Avoid recipient-compatibility SHA1

Phil Pennock gnupg-users at spodhuis.org
Mon Nov 2 14:15:32 CET 2020

On 2020-11-02 at 13:49 +0100, Werner Koch via Gnupg-users wrote:
> On Fri, 30 Oct 2020 00:10, Phil Pennock said:
> > recipient.  That's fine.  I'd rather create pressure for people to fix
> > their systems to use modern cryptography than cater to their brokenness
> > with sensitive messages.
> People won't update their keys - that just does not work.  Ignoring the
> preferences is a better way here.

First: thank you for the code changes!

As to the people part: for a generic call to action, you're right.  But
that's not the social dynamic in play here.

For a specific set of people who know each other, trying to communicate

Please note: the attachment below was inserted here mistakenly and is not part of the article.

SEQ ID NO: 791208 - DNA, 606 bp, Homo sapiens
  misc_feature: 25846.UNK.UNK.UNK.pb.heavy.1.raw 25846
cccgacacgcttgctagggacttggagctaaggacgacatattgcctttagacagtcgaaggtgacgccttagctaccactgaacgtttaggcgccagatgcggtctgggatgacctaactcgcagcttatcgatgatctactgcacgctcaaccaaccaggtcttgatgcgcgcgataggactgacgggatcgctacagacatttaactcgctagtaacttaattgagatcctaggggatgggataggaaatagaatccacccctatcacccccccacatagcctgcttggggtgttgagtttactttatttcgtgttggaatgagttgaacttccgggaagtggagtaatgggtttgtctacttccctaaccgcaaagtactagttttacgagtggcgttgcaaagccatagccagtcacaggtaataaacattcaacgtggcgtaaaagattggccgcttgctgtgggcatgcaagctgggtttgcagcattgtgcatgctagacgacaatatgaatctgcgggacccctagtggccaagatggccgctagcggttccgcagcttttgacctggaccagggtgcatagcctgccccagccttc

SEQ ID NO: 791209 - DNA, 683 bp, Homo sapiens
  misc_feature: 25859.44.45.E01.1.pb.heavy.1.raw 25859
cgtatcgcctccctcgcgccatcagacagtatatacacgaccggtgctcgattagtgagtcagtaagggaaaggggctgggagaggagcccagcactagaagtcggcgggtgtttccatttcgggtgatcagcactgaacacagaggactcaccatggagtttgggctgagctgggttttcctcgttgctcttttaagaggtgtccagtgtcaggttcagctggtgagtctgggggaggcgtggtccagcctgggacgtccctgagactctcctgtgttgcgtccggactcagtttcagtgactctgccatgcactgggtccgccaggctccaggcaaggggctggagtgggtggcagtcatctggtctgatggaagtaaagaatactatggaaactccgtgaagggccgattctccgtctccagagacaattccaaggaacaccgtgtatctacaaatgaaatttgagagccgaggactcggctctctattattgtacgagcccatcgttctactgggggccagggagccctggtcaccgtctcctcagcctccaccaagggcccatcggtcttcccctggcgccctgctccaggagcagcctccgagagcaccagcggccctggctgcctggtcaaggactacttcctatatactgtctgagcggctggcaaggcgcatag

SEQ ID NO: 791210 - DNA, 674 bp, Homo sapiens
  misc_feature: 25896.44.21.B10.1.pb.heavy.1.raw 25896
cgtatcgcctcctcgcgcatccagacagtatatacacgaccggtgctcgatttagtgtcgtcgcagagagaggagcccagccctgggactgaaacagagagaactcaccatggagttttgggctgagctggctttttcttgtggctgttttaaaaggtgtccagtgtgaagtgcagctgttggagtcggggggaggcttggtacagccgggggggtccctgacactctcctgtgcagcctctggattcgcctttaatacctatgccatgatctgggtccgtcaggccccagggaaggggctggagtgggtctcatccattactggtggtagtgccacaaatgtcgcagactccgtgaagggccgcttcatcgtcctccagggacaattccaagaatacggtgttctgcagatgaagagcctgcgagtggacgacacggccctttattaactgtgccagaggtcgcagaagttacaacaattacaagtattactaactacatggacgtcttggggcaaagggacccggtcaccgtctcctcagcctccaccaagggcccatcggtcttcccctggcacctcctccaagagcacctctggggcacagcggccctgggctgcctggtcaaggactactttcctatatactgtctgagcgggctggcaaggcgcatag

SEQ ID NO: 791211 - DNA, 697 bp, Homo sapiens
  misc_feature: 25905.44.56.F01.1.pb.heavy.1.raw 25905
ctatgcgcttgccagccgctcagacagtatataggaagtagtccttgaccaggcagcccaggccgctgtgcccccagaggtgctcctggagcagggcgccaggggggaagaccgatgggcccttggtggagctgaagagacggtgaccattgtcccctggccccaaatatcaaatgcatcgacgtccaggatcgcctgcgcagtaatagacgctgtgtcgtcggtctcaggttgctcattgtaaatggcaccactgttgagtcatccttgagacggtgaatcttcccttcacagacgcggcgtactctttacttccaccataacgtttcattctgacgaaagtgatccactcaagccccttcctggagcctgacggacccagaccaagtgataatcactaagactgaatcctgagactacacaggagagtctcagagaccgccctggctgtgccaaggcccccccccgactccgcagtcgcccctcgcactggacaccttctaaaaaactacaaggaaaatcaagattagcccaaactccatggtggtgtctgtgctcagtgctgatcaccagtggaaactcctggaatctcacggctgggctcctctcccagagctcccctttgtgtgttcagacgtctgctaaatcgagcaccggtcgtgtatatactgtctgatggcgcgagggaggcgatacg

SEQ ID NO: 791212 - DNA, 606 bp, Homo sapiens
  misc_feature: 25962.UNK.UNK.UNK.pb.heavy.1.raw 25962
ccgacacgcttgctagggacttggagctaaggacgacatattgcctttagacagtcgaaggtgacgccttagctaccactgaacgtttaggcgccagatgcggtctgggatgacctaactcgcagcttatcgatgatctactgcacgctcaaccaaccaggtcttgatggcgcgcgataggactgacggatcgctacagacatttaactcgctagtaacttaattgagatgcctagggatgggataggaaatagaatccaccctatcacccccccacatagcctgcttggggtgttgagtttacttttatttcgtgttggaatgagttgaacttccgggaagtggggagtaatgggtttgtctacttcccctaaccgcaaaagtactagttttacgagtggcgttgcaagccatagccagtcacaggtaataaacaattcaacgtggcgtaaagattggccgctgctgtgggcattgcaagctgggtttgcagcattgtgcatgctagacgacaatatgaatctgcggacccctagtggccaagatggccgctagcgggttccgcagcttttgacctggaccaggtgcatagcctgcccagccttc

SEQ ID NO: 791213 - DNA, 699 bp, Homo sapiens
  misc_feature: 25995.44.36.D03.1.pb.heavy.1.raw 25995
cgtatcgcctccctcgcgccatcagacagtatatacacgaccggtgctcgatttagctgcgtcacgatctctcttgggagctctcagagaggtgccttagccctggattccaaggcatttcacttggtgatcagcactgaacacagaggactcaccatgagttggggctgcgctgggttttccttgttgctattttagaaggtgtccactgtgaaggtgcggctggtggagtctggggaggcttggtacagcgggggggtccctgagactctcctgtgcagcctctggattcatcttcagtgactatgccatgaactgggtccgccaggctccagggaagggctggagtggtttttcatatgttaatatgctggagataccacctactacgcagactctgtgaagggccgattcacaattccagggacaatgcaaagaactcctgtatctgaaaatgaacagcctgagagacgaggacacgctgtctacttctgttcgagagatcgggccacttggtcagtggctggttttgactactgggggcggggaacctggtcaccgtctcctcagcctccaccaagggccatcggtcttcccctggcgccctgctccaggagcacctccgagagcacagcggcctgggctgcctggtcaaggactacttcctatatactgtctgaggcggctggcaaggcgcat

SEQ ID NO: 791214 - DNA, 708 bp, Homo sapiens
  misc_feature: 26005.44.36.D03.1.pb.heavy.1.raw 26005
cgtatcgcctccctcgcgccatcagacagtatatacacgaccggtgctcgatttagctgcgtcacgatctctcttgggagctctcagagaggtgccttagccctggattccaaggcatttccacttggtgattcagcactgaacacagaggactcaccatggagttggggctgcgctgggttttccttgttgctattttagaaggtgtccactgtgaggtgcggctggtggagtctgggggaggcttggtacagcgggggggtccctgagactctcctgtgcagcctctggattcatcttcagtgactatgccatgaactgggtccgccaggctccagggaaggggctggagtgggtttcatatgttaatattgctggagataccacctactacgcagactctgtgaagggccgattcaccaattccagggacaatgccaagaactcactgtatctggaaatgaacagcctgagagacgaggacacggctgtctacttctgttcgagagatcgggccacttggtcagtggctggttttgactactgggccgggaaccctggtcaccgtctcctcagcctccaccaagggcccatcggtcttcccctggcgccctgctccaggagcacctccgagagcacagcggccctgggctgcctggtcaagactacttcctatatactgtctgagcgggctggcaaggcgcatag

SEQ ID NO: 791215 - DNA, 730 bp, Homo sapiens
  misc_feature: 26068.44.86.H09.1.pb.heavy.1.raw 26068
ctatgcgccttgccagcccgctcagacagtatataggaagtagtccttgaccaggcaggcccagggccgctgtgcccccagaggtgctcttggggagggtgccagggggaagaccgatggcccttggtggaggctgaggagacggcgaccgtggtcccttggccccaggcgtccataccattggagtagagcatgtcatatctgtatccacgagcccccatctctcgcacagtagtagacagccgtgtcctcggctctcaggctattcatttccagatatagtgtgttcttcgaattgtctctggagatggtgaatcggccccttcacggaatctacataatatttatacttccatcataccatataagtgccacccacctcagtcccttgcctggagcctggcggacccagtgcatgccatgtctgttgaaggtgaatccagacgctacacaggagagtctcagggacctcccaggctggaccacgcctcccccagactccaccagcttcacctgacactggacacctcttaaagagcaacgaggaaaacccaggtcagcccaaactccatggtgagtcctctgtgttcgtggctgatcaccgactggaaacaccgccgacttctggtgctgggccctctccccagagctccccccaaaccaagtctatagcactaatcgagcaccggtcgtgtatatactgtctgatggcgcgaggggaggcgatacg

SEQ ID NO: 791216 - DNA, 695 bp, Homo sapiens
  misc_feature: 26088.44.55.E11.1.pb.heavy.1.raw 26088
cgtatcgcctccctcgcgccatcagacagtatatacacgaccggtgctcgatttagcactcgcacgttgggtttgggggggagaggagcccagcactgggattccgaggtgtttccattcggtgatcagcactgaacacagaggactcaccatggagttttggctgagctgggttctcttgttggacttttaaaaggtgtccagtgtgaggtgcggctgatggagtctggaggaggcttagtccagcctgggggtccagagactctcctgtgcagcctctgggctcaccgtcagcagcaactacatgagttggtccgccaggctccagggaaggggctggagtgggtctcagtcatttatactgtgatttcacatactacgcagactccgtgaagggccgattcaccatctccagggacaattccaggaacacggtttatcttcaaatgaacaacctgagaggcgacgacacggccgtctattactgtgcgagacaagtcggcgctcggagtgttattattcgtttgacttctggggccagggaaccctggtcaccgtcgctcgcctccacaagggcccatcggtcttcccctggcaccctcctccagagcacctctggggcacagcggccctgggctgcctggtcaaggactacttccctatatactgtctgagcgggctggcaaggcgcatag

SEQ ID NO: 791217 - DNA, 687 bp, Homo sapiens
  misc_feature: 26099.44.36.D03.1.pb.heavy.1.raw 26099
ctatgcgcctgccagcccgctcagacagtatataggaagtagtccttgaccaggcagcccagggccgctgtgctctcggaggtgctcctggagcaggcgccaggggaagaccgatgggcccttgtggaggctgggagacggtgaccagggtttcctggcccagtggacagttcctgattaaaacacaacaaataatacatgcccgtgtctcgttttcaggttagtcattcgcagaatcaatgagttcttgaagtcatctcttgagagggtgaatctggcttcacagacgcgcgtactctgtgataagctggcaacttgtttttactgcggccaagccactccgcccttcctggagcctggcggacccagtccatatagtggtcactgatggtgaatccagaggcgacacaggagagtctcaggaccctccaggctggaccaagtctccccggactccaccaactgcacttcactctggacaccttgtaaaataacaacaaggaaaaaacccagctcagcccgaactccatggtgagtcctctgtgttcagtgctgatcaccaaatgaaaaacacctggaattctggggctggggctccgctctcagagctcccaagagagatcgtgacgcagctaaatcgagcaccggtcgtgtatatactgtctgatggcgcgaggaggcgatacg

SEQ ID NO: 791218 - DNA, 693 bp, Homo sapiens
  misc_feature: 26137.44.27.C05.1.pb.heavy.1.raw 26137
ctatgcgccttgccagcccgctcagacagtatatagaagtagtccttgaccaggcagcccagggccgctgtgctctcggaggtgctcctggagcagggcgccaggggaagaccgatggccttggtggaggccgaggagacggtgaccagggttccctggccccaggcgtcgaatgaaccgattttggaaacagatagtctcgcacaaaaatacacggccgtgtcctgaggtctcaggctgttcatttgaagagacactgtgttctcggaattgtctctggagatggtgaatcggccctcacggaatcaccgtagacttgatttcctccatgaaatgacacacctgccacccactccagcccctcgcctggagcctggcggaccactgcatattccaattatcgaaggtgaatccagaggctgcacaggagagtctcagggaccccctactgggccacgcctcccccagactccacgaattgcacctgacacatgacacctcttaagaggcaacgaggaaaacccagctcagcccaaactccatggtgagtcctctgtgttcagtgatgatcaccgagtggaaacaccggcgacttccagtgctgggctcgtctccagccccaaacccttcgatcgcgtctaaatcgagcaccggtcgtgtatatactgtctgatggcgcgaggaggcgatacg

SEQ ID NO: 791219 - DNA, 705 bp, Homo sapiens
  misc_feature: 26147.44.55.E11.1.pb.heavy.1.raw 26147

securely, if someone says "hey your key is too broken to use, please fix
it, here's a command to run (which you should check for yourself),
please do so and send us your new public key" ... then that works.

In the generic case, there's a hypothetical reward requiring work now.
In the specific case, it's a case of "you're getting cut out of this
ongoing conversation which presumably matters to you, do this now to get
back in".  If the conversation really does matter to that person, then
they will fix their key.  I have gotten people to fix various problems
on exactly this basis.

For everyone I am not talking to?  Not my business, not my problem.
I can only issue advice and shrug when people ignore it.

Now I just need a sane way to figure out which key caused this.  :)


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